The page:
One of the hottest issues today in the country is the Reproductive Health Bill that is being pushed by the Aquino administration. The bill addresses a lot of areas including maternal health, access to health services, family planning, and poverty alleviation. The true intention of the bill is to really control a rapidly growing population and to improve the current system and policies on family planning and maternal health.
In the year 2000, the country signed the UN's Millennium Development Goals. The MDG consists of 8 developmental goals that 193 Nations signed and agreed to achieve by 2015(4 years from now). The Philippines is basically bound to this agreement. The RH Bill is one of the key bills that will show our commitment towards those goals. Goal 3 is about Promoting Gender Equality and Empowering Women. Goal 5 is on improving maternal health. The RH Bill is trying to reduce Maternal Mortality rates by providing better access to information for soon-to-be mothers. Target 5B involves contraceptive prevalence rate, Adolescent birth rate, Antenetal Care Coverage, and Unmet need for family panning. These goals are part of the meat of the proposed RH Bill. Goal 6 which is combating AIDS and other deadly diseases is also being addressed by the bill.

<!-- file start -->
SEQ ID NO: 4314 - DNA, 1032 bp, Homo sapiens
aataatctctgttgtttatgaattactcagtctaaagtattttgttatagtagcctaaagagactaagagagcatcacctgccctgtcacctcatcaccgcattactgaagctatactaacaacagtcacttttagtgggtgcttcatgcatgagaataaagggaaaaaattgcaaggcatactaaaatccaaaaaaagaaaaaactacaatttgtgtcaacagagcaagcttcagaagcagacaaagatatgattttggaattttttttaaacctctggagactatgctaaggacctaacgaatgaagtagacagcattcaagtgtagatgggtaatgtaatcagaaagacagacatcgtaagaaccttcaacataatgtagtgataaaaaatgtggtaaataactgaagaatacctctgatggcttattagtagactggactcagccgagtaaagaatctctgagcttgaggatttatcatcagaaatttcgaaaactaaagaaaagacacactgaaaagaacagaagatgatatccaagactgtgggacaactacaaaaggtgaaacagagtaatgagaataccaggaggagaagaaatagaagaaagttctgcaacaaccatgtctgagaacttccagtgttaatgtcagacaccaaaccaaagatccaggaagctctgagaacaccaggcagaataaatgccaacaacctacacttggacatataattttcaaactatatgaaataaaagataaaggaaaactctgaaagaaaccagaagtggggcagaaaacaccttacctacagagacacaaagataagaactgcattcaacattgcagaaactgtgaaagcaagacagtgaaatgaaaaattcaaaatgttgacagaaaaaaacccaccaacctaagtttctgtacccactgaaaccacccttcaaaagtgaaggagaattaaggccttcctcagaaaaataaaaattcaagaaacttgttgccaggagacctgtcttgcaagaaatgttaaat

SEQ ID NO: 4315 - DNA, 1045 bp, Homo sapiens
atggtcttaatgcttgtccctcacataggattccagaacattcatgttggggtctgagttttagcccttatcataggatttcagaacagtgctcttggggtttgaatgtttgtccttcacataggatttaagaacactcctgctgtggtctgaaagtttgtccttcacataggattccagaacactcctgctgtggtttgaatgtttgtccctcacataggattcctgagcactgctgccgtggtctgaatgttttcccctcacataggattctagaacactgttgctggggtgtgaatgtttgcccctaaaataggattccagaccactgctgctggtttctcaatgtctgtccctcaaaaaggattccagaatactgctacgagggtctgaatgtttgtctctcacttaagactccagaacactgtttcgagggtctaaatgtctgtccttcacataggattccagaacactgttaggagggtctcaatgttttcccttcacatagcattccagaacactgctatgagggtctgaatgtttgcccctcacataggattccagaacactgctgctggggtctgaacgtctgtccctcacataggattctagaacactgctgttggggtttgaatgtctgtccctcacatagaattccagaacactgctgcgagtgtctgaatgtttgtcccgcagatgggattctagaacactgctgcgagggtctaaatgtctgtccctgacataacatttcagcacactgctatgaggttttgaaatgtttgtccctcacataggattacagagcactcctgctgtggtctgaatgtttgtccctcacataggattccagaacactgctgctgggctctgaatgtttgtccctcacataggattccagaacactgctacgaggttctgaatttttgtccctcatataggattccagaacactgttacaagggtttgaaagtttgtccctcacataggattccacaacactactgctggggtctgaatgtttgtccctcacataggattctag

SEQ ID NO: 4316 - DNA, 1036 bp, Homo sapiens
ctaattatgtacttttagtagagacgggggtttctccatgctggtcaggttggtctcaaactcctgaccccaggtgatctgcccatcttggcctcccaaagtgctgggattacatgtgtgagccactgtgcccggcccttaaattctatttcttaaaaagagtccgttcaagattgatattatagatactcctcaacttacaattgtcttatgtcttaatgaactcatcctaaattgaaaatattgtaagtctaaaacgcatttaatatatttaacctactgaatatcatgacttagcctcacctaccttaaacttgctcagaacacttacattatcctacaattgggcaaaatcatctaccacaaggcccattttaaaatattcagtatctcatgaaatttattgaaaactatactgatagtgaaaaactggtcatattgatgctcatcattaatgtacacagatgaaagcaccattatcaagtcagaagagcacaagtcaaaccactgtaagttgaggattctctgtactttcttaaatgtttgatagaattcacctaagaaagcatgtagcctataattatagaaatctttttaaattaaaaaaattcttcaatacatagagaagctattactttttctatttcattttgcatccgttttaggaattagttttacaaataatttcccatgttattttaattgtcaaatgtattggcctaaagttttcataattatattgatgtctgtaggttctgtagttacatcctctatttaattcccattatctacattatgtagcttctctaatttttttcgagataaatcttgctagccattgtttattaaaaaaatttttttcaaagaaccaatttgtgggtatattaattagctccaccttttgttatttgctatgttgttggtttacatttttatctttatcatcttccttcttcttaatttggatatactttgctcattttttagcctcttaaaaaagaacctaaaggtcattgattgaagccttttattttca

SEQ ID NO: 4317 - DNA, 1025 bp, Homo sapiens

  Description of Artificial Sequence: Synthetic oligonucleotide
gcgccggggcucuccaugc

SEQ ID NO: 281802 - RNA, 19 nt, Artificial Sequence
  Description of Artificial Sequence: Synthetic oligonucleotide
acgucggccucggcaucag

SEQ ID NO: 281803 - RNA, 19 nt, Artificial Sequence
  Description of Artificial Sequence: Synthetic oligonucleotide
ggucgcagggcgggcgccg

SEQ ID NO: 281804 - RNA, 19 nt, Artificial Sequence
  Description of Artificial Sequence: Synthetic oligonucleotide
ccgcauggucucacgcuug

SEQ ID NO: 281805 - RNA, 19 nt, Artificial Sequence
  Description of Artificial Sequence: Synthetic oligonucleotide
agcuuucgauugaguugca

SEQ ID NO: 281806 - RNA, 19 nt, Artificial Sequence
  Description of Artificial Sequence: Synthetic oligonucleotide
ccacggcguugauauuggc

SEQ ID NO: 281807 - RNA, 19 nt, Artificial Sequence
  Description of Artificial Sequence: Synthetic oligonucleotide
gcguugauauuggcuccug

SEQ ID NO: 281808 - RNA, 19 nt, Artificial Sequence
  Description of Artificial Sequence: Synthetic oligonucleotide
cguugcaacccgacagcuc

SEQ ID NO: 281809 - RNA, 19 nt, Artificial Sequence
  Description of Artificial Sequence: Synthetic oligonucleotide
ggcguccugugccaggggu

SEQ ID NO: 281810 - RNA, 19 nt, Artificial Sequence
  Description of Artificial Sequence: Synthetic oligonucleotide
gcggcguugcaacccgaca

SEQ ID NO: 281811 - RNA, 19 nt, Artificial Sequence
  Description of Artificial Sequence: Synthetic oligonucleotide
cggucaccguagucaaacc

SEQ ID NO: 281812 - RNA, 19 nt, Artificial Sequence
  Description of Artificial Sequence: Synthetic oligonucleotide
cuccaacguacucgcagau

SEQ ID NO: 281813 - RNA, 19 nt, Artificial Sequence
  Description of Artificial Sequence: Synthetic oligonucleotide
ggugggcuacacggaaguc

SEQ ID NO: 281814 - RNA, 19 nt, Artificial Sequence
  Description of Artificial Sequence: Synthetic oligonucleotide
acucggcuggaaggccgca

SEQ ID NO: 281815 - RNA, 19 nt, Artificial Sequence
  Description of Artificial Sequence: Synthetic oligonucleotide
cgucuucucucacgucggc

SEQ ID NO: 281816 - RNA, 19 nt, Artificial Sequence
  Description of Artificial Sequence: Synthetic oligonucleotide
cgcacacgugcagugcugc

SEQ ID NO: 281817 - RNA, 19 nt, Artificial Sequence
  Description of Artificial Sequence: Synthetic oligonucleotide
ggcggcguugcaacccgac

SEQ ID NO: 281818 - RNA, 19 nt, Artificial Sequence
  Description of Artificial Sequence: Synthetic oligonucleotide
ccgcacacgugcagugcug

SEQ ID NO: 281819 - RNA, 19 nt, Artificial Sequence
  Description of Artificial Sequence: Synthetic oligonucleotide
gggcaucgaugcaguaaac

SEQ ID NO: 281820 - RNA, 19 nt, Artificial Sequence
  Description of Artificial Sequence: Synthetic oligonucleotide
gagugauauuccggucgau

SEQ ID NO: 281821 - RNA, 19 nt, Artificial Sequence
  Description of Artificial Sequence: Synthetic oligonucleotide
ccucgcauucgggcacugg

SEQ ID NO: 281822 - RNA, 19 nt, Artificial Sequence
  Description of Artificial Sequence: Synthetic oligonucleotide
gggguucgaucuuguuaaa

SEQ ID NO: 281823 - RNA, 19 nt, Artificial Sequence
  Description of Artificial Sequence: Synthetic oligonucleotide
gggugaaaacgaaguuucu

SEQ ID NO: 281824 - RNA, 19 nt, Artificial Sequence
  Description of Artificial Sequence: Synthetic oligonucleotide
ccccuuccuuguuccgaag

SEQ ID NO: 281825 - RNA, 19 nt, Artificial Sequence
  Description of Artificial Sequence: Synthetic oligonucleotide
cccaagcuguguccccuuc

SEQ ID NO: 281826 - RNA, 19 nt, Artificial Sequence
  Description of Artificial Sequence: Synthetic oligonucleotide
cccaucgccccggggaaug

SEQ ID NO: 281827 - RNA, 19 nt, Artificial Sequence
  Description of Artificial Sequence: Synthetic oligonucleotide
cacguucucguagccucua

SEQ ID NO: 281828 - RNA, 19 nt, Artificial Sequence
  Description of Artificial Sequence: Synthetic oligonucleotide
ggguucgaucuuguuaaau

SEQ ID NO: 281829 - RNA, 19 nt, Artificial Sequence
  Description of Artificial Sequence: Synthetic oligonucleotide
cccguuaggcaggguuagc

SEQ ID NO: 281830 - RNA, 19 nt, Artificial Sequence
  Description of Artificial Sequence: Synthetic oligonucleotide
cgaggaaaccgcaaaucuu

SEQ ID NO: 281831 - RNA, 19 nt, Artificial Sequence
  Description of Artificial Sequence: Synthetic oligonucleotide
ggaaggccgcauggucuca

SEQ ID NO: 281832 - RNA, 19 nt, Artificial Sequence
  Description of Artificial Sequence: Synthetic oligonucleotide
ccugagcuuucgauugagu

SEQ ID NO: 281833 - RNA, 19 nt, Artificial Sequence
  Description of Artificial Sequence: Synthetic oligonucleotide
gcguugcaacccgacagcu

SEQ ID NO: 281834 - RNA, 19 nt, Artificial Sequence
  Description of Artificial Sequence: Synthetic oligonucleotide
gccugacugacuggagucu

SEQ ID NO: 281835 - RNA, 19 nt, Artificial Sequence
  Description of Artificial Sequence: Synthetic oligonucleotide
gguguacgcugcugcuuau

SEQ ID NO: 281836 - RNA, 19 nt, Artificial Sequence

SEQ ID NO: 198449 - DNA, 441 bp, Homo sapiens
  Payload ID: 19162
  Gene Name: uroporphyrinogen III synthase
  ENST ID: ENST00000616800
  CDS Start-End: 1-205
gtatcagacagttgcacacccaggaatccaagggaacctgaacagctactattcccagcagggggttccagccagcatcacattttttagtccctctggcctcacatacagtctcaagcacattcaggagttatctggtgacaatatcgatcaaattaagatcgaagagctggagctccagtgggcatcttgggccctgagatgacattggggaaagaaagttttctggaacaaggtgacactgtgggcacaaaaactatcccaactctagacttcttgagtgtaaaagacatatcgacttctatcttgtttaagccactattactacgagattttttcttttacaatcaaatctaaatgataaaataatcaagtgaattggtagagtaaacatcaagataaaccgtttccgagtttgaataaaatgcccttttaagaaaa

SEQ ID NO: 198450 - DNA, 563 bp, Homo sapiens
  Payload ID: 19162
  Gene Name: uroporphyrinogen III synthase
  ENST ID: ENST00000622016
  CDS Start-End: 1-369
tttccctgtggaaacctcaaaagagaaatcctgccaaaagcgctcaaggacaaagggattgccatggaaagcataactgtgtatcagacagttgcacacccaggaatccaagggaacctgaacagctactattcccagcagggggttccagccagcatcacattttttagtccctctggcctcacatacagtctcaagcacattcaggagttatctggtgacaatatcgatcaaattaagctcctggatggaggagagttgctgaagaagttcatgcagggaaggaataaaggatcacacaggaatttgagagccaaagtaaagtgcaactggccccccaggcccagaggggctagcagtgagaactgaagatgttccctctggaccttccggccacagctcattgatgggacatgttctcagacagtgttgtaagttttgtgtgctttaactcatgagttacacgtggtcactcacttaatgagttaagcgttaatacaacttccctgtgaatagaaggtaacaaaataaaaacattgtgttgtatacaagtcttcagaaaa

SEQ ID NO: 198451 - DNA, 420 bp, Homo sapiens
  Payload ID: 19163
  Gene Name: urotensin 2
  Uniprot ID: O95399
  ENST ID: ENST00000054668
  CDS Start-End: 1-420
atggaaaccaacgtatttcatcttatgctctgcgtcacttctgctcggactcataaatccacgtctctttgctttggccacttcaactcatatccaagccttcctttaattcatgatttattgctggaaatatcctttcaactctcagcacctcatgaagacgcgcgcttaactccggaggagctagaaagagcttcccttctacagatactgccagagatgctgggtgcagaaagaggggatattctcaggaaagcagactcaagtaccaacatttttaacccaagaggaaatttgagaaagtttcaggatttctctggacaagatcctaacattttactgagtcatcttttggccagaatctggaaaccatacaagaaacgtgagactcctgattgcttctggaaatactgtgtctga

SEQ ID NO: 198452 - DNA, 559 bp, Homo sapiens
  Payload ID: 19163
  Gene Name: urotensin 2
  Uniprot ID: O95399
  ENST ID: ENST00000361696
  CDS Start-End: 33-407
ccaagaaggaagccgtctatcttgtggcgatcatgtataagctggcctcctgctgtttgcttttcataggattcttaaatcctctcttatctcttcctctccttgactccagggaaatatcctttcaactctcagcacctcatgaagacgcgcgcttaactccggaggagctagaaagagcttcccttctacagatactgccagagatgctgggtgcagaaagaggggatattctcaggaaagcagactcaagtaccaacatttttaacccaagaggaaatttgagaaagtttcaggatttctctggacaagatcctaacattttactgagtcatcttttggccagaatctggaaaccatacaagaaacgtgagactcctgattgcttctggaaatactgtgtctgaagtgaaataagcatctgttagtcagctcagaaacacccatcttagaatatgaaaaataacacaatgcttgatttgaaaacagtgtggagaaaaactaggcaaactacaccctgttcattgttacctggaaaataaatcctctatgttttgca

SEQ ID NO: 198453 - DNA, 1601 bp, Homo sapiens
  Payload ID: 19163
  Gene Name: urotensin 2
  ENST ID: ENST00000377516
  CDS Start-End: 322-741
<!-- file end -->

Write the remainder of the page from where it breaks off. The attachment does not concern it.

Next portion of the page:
The RH Bill is really filled with good intentions. The bill has sparked intense debate among the pros and antis. They have really valid points both sides. My only question is how much is the cost of the implementation of the bill? How many pesos do we need each year to buy contraceptives, pay for the free services, pay for additional sex education subject, and for the monitoring and policing of its implementation? It will definitely cost billions of pesos annually. Risa Hontiveros, one of its proponents tweeted that it will be around 2.5-3 Billion for the contraceptives and around 5 billion of the health services. These figures are quiet big. I wonder where will we get the money to pay for it? Pork barrel? If you were a Congressman, will you buy condoms over classrooms? If we really have those money to pay for the bill, how come we still see students having no decent classrooms? Education has always been deemed to be the solution for our problems on poverty yet the government has a lot of backlog on these aspect and now they are even thinking of adding 2 more years in high school.
The RH bill has a lot of merit but our leaders should study the full extent of the law and its costs as well opportunity costs. Having a bigger debt will be a bigger hindrance in solving poverty incidence in the country. We have to spend our very limited resources wisely.